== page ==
Unless the partial information being related back is tied to the current 'war in 10 turns' arrangement, there's no way a human player can signal to the AI he/she is going to go to war, and furthermore, human players may just always decline such arrangements to befuddle the AI and go to war on their own once they see the AI do so. Alternatively there has to be more agreements than the current co-op war, like meeting specific army size targets, as a pre-requisite to co-op war, or simply a request to build your forces to X. Or agreements not to meddle in their wars. agreements that players will have to enter into to play the 'diplomatic intrigue' with very distinct benefits that the AI can then use in their espionage to get a signal on what we are up to.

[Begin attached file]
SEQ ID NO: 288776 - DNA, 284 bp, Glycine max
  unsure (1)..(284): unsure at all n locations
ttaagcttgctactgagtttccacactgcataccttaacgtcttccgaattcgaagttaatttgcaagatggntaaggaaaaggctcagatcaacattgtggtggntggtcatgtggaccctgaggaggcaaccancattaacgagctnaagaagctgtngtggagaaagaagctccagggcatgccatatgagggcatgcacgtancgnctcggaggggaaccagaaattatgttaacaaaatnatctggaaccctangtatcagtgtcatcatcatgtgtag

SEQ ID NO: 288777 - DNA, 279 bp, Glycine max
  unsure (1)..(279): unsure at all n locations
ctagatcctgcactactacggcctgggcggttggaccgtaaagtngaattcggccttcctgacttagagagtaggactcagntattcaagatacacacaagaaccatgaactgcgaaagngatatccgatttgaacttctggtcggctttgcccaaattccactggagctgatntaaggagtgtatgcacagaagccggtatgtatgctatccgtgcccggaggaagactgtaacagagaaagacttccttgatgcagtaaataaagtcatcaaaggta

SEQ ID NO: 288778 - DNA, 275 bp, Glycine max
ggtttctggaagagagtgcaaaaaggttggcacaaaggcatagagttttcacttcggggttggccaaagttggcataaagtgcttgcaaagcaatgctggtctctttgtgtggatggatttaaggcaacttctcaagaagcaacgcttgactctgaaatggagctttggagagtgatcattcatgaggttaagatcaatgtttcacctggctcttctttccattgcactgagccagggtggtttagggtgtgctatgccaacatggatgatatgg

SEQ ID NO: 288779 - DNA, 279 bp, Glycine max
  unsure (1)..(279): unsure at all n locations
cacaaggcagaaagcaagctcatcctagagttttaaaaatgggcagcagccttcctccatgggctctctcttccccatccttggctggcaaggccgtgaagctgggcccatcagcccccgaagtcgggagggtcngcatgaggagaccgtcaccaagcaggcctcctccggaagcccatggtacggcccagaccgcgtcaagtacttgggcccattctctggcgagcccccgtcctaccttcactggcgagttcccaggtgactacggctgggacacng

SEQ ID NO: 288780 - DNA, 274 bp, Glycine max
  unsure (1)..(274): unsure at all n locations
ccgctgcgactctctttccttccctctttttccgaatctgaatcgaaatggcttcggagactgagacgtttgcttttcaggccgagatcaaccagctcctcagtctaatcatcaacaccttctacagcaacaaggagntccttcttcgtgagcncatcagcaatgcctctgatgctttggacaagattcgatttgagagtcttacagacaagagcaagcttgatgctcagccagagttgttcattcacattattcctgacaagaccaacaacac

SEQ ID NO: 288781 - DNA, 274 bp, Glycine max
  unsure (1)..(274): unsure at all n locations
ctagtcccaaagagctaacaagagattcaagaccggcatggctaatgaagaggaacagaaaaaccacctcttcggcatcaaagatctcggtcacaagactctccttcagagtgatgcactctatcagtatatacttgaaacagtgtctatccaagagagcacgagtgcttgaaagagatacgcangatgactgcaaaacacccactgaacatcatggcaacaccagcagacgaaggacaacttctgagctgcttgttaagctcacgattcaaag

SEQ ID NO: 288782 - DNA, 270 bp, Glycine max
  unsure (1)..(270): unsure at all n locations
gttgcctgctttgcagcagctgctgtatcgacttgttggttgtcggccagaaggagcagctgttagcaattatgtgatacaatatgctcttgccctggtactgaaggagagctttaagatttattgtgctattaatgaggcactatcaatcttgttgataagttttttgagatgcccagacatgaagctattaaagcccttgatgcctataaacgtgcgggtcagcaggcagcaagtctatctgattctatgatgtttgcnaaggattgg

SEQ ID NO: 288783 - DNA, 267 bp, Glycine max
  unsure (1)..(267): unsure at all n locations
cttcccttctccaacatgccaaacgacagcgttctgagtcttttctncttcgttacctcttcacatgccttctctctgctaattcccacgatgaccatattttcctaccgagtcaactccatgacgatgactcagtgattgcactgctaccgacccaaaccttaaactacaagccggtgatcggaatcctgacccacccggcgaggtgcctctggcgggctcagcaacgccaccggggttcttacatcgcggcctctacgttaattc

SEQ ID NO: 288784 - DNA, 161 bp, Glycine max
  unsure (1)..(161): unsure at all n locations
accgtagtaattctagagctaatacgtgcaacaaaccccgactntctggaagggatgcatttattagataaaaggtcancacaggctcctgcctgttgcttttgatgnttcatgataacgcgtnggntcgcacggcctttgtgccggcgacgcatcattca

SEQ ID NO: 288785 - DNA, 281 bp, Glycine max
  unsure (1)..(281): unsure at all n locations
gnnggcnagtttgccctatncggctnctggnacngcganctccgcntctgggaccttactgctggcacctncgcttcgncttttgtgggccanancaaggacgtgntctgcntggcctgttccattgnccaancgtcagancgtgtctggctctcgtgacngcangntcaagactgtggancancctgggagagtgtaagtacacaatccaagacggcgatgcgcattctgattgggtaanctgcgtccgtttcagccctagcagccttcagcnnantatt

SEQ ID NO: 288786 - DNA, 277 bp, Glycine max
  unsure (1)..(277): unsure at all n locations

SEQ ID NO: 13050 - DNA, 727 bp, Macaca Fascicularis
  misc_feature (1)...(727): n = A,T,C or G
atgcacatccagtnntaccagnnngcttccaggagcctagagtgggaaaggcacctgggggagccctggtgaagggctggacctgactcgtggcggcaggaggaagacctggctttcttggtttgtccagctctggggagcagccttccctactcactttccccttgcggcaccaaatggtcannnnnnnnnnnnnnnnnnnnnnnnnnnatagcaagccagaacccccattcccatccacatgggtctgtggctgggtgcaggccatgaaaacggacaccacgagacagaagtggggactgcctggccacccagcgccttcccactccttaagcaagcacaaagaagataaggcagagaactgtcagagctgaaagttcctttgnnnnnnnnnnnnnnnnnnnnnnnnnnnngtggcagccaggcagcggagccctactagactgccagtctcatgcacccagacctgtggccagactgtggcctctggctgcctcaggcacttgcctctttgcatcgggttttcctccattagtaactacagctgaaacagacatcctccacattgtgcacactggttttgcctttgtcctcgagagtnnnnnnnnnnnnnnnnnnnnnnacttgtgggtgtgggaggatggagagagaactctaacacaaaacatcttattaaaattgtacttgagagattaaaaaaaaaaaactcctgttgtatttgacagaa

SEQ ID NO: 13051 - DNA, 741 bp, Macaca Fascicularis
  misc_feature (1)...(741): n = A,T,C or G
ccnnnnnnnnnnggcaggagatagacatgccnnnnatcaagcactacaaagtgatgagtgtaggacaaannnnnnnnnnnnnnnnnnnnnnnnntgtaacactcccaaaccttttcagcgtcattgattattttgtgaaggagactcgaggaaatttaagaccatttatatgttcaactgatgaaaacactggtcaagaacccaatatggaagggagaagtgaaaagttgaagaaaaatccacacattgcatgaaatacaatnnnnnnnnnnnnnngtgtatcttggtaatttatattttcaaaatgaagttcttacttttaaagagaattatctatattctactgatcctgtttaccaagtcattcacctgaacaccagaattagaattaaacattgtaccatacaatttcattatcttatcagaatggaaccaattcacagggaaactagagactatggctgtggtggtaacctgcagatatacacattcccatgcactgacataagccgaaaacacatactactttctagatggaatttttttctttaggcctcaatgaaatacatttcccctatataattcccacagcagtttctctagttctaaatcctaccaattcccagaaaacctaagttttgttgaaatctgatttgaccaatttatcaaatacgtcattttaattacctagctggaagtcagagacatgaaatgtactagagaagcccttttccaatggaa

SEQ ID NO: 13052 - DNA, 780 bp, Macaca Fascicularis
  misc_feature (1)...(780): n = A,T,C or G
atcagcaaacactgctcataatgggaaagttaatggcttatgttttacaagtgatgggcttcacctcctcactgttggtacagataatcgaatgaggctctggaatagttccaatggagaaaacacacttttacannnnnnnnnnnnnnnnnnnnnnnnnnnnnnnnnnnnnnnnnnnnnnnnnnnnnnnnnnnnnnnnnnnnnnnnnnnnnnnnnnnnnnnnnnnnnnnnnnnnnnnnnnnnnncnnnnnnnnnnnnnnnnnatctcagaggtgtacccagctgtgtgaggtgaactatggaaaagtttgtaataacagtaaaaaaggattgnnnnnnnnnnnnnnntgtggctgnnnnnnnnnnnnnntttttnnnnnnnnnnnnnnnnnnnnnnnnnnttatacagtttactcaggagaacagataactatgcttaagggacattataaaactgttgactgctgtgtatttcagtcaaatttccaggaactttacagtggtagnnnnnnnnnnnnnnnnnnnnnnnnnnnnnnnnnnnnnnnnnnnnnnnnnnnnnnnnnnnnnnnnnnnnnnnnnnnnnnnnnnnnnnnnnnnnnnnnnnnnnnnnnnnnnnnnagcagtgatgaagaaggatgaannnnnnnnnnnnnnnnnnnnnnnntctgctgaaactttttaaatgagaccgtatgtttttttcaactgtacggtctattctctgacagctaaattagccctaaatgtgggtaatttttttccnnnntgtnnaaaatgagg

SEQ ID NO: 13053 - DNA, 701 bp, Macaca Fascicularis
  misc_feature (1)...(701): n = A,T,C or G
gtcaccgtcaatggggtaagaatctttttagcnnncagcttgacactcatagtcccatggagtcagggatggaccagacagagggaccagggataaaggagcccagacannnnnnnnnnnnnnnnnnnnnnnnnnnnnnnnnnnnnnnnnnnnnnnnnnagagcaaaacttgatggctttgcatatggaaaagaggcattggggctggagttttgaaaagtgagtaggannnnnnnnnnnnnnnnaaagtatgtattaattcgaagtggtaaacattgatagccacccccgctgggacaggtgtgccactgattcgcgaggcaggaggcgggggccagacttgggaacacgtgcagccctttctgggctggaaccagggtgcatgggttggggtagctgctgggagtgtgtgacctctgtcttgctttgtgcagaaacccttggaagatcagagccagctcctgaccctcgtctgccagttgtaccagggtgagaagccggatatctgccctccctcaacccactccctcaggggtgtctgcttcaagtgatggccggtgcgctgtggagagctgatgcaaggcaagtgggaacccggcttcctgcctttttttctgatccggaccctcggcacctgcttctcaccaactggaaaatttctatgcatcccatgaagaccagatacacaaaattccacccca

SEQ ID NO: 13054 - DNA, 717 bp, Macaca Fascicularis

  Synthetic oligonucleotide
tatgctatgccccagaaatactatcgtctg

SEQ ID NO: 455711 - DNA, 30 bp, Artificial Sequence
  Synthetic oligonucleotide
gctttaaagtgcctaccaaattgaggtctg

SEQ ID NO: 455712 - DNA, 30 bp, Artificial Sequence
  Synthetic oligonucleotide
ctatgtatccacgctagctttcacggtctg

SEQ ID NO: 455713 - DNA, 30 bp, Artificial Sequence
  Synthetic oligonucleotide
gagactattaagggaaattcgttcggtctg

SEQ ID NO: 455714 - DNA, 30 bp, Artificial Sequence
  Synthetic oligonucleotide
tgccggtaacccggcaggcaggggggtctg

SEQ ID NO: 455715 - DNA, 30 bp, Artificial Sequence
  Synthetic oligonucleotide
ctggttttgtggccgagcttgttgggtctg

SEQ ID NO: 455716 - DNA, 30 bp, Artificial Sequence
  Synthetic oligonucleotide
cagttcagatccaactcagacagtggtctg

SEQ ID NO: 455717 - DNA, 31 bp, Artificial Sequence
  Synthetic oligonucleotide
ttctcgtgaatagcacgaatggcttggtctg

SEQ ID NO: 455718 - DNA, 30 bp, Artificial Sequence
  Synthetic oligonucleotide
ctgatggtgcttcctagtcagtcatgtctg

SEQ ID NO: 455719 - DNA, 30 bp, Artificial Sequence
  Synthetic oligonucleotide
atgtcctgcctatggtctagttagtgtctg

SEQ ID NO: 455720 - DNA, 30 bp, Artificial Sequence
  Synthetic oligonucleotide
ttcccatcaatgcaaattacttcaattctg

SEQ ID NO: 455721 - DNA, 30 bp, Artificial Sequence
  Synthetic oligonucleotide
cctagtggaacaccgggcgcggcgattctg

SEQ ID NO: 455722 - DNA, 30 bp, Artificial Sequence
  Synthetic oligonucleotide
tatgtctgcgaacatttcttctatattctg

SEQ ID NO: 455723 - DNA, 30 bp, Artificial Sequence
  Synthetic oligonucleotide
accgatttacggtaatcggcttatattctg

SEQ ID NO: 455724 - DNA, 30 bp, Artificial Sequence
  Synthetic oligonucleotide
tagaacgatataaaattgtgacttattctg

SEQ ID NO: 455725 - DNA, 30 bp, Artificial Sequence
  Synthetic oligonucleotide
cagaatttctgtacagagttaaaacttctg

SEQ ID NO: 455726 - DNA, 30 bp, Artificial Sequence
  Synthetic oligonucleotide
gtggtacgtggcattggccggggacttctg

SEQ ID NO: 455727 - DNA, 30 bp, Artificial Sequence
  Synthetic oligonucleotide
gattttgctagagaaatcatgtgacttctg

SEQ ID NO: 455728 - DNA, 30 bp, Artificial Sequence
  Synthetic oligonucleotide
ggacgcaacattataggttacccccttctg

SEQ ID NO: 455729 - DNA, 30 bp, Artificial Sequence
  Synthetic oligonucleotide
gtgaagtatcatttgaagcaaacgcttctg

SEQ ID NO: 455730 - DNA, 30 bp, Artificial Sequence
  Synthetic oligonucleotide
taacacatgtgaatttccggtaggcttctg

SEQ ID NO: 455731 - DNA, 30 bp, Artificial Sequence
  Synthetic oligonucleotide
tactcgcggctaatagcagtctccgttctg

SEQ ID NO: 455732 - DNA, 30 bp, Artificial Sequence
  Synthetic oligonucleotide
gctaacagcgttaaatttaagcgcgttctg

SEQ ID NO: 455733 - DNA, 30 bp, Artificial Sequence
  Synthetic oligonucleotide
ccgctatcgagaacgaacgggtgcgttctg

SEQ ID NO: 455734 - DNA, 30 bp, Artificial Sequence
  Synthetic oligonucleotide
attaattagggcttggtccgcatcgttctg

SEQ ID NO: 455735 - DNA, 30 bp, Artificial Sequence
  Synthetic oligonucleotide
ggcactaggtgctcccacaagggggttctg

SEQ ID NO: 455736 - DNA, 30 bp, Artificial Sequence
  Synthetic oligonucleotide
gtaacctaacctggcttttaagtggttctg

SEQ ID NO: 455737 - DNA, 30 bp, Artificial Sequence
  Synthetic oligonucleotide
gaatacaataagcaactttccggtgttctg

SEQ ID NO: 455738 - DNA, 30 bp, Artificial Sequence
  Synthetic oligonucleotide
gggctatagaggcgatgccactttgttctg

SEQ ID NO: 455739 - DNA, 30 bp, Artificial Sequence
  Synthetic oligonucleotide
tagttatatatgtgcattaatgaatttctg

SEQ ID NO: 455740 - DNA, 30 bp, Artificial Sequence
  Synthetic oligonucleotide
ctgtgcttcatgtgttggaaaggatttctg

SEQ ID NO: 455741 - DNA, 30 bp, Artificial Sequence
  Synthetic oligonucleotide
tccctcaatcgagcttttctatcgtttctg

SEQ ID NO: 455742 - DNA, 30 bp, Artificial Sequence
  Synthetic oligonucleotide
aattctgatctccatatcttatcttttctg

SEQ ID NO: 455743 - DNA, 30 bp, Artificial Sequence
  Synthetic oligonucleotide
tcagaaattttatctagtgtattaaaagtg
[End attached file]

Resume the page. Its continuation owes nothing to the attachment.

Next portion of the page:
There has to be incentives to agree to those co-op wars and related agreements instead of freelancing. Or rather disincentives to freelancing.

I'm concerned about this being a nice feature on paper but totally exploitable in practice.

Pouakai
Mar 13, 2012, 12:28 AM
Remember the 4 small bars beneath the city name that replace the single long bar we have at the present time?

-We know, that there can be 3 parallel quests at the same time in G&K
-From the latest pictures we know, that these small bars fill/decline just like the old, big one.

My guess:
These bars represent the fulfilled missions now.
As there are "only" three missions, the 4th bar should represent monetary gifts.
So, money is still useful when dealing with CS, but it's influence is outnumbered by fulfilled quests 3:1.

So then where do the CS elections fit in to this?

TheKingOfBigOz
Mar 13, 2012, 12:34 AM
I think the Bars are nothing but a SINGLE bar for ALL the realtionship (Angry/Neutral/Friend/Ally)

Instead of one bar at time.

I think it's not more than just a simplified UI change, dont' think it's tied to anything at all. why should it?